Assumes $465 million from third-party donors and the Detroit Institute of Arts toward the pension funds over two decades, subject to city and pension fund agreement and conditions.

    Includes Gov. Rick Snyder’s proposal to send $350 million of state money to Detroit over 20 years.

    Allows that if police and fire pensioners agree to the plan and there is some settlement with the state, they could receive more than 90 percent of their pensions with the elimination of cost-of-living allowances.

    General retirees cold receive in excess of 70 percent of their pensions after elimination of cost of living allowances.

    Moves current city employees into defined benefit plans.          


    12:30 p.m.: Required reading so far: Michigan Governor Rick Snyder and Democratic Governor Candidate Mark Schauer weigh in. [Freep]

    Schauer says: the proposal shows Snyder is “not on the side of Michigan seniors.” Snyder says: The plan is “a critical step forward as we look to resolve problems decades in the making,”

    The general city pensions are taking a bigger cut than police and fire. [Freep]

    Detroit city retirees in the general retirement system will face up to a 34% cut to monthly pensions. Police and fire retirees face up to a 10% cut, according to the proposed bankruptcy blueprint filed Friday morning.

    So where do we go from here? [Detroit News]

    Q. What’s next?

    A. U.S. Bankruptcy Judge Steven Rhodes will set a hearing on the adequacy of the disclosure statement and whether the average creditor, such as a retiree, can understand how he or she will be affected by the plan, said Laura Bartell, a bankruptcy law professor at Wayne State University.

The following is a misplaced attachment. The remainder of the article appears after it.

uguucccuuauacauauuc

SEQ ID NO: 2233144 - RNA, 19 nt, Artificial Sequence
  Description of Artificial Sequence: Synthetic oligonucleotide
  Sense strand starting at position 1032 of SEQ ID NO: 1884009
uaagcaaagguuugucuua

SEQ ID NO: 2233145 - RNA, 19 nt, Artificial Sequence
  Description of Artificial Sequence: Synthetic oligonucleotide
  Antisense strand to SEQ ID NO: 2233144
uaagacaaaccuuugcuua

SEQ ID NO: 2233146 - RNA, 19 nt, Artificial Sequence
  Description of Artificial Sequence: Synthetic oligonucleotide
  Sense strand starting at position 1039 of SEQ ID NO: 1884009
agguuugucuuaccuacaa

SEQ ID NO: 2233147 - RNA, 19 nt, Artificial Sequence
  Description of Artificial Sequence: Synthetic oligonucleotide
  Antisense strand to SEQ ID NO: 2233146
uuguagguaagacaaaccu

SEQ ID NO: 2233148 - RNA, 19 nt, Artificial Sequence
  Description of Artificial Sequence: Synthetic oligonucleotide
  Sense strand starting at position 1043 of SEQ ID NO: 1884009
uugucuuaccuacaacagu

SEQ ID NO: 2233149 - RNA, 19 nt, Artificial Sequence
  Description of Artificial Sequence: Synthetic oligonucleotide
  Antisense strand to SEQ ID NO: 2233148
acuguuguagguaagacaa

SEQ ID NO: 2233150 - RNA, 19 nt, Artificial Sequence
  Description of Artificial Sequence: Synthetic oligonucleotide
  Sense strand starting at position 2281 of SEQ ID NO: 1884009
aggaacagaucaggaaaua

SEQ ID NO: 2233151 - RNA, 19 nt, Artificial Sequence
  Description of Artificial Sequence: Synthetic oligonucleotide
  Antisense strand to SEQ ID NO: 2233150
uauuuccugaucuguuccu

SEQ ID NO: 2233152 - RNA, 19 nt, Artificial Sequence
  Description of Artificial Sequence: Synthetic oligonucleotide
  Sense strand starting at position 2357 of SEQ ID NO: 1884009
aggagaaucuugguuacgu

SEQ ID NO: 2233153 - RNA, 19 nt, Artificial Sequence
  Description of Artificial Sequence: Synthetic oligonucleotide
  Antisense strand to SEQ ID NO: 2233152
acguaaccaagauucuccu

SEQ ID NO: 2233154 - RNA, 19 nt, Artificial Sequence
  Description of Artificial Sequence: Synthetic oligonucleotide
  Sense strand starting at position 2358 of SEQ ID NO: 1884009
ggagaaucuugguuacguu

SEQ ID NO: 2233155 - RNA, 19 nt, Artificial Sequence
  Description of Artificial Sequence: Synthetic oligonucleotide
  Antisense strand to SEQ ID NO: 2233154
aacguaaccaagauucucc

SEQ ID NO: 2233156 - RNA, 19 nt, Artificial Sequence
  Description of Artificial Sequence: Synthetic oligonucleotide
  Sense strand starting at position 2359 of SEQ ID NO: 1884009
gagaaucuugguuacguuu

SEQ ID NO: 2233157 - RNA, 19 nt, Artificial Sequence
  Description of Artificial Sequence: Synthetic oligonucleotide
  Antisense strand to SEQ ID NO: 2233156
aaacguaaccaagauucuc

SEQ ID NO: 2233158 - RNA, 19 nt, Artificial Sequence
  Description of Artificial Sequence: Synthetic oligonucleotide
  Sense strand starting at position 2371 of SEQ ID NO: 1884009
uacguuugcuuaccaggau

According to the Plan, it would protect DIA’s art… but it’s not a done deal. [Freep]

    While Orr’s plan codifies the fundamentals of a much-talked-about deal to prevent the forced sale of any masterpieces and spin off the city-owned museum into an independent nonprofit, several critical steps remain before a final settlement would guarantee the city-owned museum safe harbor in Detroit’s historic bankruptcy.

    $1.5 billion in capital improvements in the next 10 years, according to the plan [Detroit News]

    About $520 million will be dedicated to blight removal during the next six years, according to the disclosure statement. The city expects the infusion of money would result in demolitions ramping up to 400 to 450 a week from the current pace of 114 a week. “The City intends to focus its initial demolition efforts around schools and other areas identified by the Detroit Works Project and the Detroit Future City project,” according to the disclosure statement.